quality-critical equipment. These records can be in the form of a log, computer database or other appropriate documentation.
126.96.36.199 Computer Systems Computer systems that may impact upon excipient quality should have sufficient controls for operation and maintenance and to prevent unauthorised access or changes to computer software, hardware or data, including:
systems and procedures that show the equipment and software are performing as intended,
procedures for checking the equipment at appropriate intervals,
retention of suitable back-up or archival systems such as copies of the program and files,
assurance that changes are verified and documented and only made by authorised personnel.
Utilities (for example nitrogen, compressed air, steam etc.) used in the production, storage or transfer of materials that could impact excipient quality should be assessed and appropriate action taken to control the risk of contamination and cross-contamination.
Water Water used in the manufacture of excipients should be demonstrated to be of a suitable quality for its intended use. Unless otherwise justified process water should, at a minimum, meet WHO guidelines for drinking (potable) water quality.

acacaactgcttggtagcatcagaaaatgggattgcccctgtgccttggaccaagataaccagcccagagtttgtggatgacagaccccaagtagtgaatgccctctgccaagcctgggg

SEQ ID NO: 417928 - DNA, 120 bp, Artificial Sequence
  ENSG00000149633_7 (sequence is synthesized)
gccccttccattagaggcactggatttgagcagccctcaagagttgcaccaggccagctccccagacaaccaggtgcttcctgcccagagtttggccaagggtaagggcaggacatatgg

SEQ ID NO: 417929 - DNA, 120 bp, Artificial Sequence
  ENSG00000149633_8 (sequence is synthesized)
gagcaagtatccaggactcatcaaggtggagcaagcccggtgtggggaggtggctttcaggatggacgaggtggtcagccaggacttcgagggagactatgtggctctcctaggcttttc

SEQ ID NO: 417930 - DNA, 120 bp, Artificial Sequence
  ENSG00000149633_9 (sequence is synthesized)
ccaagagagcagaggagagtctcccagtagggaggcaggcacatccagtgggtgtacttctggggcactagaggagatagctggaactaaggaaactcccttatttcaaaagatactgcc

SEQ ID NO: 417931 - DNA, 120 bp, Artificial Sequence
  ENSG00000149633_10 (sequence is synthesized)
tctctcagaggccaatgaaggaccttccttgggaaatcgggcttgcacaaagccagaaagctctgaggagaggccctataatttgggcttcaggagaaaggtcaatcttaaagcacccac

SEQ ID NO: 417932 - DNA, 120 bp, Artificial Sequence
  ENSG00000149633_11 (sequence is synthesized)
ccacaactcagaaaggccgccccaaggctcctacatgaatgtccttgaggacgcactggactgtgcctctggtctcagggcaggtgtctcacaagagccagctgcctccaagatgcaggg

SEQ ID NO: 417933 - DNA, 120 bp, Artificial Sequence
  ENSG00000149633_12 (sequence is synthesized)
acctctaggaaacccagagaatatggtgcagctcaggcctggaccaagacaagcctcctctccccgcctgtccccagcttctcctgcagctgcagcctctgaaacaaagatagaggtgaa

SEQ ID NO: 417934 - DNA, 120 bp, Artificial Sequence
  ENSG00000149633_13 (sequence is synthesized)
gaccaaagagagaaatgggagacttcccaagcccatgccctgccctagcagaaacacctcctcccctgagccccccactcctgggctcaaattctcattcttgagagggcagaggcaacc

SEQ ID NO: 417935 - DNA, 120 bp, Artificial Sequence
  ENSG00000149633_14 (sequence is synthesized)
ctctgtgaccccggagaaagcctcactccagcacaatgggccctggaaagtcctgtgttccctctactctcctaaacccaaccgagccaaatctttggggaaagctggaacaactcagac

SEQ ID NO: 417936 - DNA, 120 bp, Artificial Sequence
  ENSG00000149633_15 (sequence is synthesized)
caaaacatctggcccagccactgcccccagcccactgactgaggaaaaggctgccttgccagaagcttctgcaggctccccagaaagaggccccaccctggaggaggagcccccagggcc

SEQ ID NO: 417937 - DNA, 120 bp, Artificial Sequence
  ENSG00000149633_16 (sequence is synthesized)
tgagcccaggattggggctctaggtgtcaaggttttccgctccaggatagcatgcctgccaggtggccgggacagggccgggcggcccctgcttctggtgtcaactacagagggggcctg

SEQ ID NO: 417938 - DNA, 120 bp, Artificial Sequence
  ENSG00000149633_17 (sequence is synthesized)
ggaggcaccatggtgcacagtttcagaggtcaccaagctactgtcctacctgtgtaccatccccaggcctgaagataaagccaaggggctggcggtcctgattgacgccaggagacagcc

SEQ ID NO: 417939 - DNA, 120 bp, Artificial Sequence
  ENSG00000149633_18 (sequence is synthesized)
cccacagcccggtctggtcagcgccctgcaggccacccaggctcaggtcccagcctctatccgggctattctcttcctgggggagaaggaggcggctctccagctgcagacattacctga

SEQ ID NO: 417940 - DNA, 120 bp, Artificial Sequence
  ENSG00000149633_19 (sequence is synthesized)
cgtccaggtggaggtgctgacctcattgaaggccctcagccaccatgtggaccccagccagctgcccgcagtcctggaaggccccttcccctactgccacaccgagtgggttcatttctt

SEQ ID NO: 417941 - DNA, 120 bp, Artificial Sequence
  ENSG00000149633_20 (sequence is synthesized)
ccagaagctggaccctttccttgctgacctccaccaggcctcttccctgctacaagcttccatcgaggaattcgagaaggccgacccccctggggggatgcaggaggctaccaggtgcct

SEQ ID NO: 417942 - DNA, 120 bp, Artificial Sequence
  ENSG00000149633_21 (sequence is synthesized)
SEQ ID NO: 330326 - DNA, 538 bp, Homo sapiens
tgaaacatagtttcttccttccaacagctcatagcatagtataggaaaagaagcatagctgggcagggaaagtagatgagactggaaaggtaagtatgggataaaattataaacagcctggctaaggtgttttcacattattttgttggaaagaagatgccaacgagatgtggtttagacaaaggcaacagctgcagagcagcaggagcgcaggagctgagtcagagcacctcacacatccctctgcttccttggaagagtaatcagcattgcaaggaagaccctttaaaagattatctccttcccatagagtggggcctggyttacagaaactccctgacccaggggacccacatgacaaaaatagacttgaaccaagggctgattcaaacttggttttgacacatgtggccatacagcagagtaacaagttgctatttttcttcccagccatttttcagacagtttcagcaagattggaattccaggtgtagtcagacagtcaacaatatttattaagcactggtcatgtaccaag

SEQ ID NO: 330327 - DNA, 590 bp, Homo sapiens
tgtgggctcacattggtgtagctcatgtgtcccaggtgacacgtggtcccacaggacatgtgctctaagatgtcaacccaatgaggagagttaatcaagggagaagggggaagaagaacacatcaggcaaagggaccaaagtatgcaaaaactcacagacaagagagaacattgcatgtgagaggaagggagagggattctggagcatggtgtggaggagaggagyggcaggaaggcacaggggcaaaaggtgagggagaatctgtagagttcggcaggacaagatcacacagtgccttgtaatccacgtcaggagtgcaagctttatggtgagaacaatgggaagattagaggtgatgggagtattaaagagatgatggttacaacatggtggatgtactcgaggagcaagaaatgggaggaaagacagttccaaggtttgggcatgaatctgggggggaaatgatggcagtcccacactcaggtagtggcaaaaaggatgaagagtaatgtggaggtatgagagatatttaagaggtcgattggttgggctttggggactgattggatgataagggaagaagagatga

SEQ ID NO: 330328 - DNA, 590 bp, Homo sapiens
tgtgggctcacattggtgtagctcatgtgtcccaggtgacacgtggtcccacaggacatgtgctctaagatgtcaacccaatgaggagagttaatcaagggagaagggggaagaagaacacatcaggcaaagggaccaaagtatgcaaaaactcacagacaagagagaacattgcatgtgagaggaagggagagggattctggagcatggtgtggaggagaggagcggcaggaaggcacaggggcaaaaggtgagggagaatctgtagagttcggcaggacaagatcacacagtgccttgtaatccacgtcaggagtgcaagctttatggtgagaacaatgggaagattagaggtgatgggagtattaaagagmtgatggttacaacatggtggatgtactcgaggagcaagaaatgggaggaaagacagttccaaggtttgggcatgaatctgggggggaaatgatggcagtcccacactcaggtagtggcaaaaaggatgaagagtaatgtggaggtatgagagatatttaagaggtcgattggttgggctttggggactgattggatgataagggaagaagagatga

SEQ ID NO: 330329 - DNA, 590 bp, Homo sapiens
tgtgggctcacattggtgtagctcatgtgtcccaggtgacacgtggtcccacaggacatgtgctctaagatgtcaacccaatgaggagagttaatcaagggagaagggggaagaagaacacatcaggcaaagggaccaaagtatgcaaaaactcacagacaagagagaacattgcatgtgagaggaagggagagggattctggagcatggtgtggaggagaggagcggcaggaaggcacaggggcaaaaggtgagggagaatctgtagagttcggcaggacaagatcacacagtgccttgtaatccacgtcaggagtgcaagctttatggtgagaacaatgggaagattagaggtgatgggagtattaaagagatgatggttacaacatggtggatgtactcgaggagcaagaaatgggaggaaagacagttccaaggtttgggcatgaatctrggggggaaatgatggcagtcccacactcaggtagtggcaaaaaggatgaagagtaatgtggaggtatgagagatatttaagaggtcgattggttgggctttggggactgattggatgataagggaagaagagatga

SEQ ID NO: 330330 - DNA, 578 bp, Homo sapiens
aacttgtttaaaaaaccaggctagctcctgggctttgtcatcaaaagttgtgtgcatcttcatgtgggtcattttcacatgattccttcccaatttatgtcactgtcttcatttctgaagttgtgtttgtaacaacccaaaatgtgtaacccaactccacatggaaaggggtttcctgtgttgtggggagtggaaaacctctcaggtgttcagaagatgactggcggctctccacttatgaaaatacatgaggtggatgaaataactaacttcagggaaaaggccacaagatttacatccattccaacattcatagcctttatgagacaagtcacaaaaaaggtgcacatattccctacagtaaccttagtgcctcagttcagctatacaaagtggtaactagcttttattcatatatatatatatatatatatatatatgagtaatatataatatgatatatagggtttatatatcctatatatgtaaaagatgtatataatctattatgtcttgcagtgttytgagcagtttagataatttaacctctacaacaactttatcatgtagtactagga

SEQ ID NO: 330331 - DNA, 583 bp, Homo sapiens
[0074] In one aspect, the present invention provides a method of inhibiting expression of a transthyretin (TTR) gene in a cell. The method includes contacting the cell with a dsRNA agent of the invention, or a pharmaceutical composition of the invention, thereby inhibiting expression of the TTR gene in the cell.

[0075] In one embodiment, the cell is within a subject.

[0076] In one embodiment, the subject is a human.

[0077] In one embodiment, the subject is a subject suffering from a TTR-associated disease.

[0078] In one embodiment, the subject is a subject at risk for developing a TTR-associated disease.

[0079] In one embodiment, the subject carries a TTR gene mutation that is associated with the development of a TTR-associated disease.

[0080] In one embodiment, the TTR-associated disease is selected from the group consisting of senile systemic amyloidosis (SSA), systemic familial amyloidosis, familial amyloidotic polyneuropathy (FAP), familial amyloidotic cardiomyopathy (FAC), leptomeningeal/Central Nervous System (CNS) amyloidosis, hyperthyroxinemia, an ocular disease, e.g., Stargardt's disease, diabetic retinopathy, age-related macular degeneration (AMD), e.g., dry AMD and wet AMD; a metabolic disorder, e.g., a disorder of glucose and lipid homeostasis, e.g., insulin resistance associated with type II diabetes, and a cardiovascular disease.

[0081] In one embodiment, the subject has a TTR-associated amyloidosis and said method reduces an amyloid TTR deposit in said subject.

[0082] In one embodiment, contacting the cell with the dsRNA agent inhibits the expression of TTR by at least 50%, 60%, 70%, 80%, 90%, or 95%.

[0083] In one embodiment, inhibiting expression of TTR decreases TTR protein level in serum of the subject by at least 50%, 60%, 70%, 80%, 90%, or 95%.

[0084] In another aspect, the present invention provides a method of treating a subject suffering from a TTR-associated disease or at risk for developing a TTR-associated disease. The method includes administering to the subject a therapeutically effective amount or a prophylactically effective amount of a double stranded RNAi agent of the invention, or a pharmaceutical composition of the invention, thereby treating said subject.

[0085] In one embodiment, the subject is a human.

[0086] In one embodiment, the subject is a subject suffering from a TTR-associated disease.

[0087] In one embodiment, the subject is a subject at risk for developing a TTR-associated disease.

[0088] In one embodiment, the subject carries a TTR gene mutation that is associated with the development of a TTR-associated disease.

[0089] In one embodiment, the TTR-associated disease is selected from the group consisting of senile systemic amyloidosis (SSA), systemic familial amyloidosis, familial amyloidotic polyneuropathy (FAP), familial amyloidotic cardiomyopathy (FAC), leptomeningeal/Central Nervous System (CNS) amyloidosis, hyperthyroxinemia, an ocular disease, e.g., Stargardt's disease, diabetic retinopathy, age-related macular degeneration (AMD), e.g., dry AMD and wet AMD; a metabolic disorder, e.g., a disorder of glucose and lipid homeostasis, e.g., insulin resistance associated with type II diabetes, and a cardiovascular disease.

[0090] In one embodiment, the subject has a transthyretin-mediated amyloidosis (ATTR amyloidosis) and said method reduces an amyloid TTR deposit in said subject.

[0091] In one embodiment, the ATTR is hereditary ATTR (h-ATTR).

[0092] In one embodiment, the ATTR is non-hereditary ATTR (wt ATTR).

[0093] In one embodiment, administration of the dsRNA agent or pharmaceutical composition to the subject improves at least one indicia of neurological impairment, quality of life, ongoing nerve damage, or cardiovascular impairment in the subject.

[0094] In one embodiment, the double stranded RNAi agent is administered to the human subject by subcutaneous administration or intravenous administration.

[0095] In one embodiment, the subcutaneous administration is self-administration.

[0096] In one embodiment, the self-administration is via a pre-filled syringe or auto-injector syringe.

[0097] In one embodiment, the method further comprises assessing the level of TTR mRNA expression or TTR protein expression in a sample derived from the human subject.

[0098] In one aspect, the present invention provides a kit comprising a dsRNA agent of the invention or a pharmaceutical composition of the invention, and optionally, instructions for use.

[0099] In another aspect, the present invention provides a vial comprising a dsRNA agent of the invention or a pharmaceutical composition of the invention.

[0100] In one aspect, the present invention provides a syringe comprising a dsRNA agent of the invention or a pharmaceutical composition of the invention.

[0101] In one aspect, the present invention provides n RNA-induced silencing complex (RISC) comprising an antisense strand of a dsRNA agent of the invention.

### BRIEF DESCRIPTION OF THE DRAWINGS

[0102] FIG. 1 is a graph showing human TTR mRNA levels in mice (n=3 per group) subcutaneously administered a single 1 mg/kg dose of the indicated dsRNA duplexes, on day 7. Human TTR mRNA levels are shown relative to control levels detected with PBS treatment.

If drinking (potable) water is insufficient to assure quality or tighter chemical and/or microbiological water quality specifications are required, appropriate controls and specifications should be set, for example physical and chemical attributes, total microbial counts, limits on objectionable organisms and/or endotoxins.
Where water used in the process is treated by the manufacturer to achieve a defined quality the treatment process should be specified and monitored with appropriate action limits.
Water that comes into contact with the excipient should be supplied under continuous positive pressure (or other means of preventing back flow) in a system free of defects to control the risk of contamination to the excipient.
6.4 Work Environment
Where the excipient is exposed during manufacture it should be in an appropriate environment to minimise contamination. The manufacturer should apply suitable controls to maintain that environment.
Air Handling Where an air handling system is installed to provide protection excipient manufacturer should demonstrate its effectiveness.
Excipient production unit air handling systems should be designed to prevent cross- contamination. For dedicated areas processing the same excipient it is permissible to recycle a portion of the exhaust air back into the same area. The adequacy of such a
Copyright © 2006 The International Pharmaceutical Excipients Council and Copyright © 2006 Pharmaceutical Quality Group